Farm Babe: As a farmer, I felt disrespected and out of place at the Farm Aid concert


I attended the 2019 Farm Aid concert at Alpine Valley, Wisconsin.

The crowd was interesting, and the place was packed. People were wearing “End Factory Farming” and “F*** Bayer and Monsanto” shirts. The speeches given by Neil Young and other celebrities were painful to listen to. As a farmer I felt a bit out of place. The tone was, because we aren’t small organic farmers, we’re nothing.

Here is a little speech given by Mr. Young. Warning … it may raise your blood pressure a bit!

I wonder how many acres he’s actually grown. My guess is pretty close to zero. I couldn’t help but think about how many amazing farmers out there feel disrespected by messages like this. Maybe if he took the time to connect with the people who run larger-scale farms, he’d see just how much they care about protecting the planet, soil, and water. The farmer’s livelihood depends on it, after all.

While some people were sending anti-GMO messages, I couldn’t help but notice they were spending money and wearing T-shirts that were probably made from GMO cotton. They were consuming booze and food that could’ve come from GM crops as well.

Large farms are still family farms. They’re still REAL PEOPLE who care. In fact, 98 percent of farms in the U.S. are FAMILY farms, and we need them.

I attended with hopes to have a chat with the Farm Aid higher ups or the artists to explain that the kinds of operations perceived as “corporate” or “factory” farms are still run by family farmers. And they oftentimes have the same struggles as the little guy. Unfortunately I didn’t get that chance to talk to them and wasn’t chosen for interviews. I did meet some great people and had wonderful discussions though!

On the flip side, I thought Farm Aid did a great job raising awareness and encouraging people to connect with lawmakers regarding fair prices for dairy farmers. It’s true that we’re losing farms at astounding rates, and it’s so sad to see market prices so bad right now that many farmers can’t afford to stay in business.

This isn’t just a dairy thing though — farmers of all types are struggling. Beef, corn, soy … this isn’t just a dairy issue. This is an overall farmer issue that needs to be fixed.

During the news conference they had a farmer panel, but they were pretty small scale. All that is well and good, but it would’ve been great to see a more balanced group of farms from all shapes and sizes.

They also had volunteer farmers that we could interview. I had asked someone if they could put me in touch with a farmer that Farm Aid had helped. Of the 120+ farmer volunteers, to my knowledge not one of them was a farmer helped by Farm Aid. Not to say they don’t exist … I’m just not sure. But you’d think they’d be eager to share the stories of farms they helped! You’d think those farmers would be eager to come forward if Farm Aid had helped them to show off what a great organization they are. Hmm.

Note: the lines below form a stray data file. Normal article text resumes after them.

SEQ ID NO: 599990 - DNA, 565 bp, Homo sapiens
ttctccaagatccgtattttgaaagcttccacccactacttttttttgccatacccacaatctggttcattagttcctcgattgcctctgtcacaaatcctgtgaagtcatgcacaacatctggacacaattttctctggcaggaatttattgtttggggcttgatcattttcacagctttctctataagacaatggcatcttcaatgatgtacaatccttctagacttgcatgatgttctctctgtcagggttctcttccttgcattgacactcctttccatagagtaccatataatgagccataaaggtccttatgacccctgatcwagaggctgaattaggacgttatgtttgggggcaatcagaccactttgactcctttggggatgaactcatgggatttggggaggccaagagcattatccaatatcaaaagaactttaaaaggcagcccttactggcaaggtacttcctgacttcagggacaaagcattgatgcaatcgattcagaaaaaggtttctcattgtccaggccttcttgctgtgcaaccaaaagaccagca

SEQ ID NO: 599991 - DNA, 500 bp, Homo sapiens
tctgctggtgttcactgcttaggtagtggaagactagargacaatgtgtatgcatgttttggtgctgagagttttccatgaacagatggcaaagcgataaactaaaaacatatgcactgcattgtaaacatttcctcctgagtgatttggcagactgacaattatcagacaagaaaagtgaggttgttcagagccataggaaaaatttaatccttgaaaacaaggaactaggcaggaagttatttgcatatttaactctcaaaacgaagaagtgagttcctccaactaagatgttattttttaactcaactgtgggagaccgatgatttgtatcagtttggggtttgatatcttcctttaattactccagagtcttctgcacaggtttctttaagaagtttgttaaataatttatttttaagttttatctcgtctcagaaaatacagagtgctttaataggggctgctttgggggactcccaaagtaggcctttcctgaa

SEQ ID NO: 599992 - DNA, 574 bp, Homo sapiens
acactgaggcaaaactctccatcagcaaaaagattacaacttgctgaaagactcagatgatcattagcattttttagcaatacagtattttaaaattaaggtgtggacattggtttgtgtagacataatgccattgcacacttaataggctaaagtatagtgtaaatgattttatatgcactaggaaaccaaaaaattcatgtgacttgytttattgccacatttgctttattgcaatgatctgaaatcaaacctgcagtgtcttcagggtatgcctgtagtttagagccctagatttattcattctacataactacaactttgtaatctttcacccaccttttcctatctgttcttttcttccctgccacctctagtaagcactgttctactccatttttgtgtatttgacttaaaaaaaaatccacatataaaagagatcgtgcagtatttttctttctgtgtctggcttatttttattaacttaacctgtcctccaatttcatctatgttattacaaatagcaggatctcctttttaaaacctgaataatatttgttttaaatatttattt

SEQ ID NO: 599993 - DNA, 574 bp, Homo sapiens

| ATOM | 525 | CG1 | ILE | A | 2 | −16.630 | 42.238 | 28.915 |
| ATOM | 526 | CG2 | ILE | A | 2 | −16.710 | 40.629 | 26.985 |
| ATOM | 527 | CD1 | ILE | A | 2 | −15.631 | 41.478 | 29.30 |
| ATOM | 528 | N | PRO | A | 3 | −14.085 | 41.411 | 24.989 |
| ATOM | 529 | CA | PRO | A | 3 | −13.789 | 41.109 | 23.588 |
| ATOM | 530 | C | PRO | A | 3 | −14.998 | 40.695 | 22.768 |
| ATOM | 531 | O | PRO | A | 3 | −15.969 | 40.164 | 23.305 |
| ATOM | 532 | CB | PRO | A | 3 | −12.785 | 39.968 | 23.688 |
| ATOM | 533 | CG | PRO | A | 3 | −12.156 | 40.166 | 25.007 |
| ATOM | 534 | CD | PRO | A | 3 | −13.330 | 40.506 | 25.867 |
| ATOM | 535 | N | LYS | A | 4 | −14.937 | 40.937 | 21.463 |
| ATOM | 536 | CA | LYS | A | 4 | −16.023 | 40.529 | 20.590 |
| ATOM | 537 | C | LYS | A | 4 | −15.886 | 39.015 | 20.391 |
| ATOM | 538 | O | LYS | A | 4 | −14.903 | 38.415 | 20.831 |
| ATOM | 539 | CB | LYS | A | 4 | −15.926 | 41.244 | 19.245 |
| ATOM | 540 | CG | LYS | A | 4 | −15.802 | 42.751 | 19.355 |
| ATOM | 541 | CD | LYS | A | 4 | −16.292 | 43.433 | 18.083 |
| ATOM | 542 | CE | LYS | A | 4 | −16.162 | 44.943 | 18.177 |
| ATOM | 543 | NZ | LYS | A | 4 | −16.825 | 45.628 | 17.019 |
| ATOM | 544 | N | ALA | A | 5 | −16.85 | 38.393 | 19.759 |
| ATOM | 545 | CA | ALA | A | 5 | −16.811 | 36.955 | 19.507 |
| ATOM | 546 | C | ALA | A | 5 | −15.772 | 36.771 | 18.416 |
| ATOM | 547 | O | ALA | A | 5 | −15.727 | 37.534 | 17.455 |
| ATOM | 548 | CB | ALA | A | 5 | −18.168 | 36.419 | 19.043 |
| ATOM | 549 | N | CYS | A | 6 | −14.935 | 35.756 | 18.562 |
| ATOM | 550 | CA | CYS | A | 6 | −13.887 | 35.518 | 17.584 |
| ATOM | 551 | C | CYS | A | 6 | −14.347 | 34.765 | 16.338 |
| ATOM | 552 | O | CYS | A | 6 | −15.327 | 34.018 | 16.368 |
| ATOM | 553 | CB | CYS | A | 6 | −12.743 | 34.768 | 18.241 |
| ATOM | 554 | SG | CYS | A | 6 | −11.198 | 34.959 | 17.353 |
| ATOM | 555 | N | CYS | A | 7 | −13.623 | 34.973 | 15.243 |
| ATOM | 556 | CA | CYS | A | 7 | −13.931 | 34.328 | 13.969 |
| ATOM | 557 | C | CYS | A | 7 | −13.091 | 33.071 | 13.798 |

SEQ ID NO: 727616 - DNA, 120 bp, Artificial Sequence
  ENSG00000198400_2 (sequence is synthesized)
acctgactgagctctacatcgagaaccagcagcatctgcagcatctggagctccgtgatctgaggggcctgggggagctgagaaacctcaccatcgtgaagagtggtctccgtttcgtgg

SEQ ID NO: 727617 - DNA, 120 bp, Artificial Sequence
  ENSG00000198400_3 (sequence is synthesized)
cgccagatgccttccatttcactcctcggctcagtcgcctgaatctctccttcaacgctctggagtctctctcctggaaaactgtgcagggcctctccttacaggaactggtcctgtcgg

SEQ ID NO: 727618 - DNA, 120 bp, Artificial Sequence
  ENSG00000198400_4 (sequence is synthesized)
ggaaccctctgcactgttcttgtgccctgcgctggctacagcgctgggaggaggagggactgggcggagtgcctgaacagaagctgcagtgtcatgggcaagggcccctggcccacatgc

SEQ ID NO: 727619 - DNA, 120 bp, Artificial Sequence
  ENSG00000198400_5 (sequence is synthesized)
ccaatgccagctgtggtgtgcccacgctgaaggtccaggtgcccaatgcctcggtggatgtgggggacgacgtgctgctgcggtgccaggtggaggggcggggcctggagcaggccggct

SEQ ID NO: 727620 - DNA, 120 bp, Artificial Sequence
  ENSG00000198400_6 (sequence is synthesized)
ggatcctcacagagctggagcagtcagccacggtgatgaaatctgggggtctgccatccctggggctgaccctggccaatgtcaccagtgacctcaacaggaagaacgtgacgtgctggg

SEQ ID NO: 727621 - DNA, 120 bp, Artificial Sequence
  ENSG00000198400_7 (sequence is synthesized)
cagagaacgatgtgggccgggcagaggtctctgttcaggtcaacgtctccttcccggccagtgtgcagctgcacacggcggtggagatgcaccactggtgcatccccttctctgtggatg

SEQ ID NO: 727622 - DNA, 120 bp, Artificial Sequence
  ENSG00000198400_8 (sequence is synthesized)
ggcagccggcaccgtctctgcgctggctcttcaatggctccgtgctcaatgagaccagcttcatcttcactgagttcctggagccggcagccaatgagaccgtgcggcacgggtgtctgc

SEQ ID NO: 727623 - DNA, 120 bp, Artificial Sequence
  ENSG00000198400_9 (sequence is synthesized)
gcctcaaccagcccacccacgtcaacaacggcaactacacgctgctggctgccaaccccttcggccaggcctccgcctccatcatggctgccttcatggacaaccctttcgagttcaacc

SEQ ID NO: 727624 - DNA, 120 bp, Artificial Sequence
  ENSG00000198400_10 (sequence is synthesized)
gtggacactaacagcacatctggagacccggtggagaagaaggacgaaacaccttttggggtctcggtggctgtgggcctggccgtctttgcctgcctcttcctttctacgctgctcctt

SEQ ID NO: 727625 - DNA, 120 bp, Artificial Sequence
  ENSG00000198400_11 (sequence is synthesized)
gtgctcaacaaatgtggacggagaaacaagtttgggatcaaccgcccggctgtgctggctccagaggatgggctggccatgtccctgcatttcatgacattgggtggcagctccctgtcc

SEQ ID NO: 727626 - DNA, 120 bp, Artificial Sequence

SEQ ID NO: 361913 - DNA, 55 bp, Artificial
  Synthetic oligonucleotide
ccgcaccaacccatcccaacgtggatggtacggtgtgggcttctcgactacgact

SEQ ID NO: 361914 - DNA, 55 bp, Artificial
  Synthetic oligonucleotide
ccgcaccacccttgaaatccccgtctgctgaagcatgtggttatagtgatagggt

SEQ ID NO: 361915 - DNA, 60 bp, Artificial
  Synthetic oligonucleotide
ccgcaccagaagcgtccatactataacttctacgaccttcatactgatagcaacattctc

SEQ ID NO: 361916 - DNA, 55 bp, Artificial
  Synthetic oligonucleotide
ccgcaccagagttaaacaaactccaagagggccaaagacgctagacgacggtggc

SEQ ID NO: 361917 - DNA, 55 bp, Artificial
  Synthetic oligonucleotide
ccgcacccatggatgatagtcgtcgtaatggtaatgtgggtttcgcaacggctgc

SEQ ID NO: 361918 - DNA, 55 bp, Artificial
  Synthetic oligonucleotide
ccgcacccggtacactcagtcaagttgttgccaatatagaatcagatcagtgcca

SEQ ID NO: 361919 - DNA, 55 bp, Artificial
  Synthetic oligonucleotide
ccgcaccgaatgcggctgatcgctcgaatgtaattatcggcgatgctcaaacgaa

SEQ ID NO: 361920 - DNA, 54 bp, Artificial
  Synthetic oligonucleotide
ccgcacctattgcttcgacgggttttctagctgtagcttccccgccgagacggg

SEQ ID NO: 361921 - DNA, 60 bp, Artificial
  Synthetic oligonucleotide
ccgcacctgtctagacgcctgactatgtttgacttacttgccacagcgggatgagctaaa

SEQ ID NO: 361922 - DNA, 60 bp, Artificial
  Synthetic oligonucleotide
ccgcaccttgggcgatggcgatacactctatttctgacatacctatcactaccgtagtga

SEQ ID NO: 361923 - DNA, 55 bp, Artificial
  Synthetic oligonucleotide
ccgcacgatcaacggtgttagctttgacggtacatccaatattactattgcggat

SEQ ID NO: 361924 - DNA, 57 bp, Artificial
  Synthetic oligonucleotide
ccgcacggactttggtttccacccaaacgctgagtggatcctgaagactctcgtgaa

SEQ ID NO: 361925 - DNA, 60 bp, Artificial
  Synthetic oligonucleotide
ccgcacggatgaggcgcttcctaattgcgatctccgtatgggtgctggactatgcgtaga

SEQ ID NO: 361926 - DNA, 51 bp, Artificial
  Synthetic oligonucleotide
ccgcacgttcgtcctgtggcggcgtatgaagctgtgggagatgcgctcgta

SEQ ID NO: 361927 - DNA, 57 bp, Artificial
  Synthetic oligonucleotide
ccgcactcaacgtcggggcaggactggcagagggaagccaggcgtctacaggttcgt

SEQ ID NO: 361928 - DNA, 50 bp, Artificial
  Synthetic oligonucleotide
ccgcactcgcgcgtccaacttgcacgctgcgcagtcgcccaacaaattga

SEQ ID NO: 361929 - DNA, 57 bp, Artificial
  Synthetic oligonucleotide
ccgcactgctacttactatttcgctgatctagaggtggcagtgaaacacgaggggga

I’m skeptical. I really want to like this organization, I really do. Farmers need all the help and promotion they can get, but when you look at the sponsors of Farm Aid, it appears many are organic food corporations. Is the event for publicity for them? Where does the money from Farm Aid actually go? I’m not sure, but these comments regarding funds may offer some insight.

On the same note, I feel like we need a lot more celebrities on large-scale modern farms to help tell their stories. The story of “big Ag” and families behind them isn’t told often enough. The general public doesn’t hear about the input costs and technology in barns that allow farmers to take better care of livestock than ever before with computers and data tracking. They don’t hear about the latest technology in sprayers, improved buffer zones and conservation efforts that allow modern farms to be the best stewards of the land.

I feel disheartened by Farm Aid and genuinely wonder if they’d ever value and uplift all farmers.

Modern agriculture has a cool story to tell. It’s a story that needs to be told more, but the industry overall as a whole has got to do better in my opinion. Connect with celebrities in a more proactive way, because at the moment a majority of celebrities are very misinformed.

Global food security takes all types: Big, small, organic, or not. They all have a role and a job to do, and they deserve respect and understanding.

But in the words of Lynyrd Skynyrd,

“Well, I hope Neil Young will remember/

A Southern man don’t need him around anyhow.”


Michelle Miller, the Farm Babe, is an Iowa-based farmer, public speaker, and writer, who lives and works with her boyfriend on their farm, which consists of row crops, beef cattle, and sheep. She believes education is key in bridging the gap between farmers and consumers.

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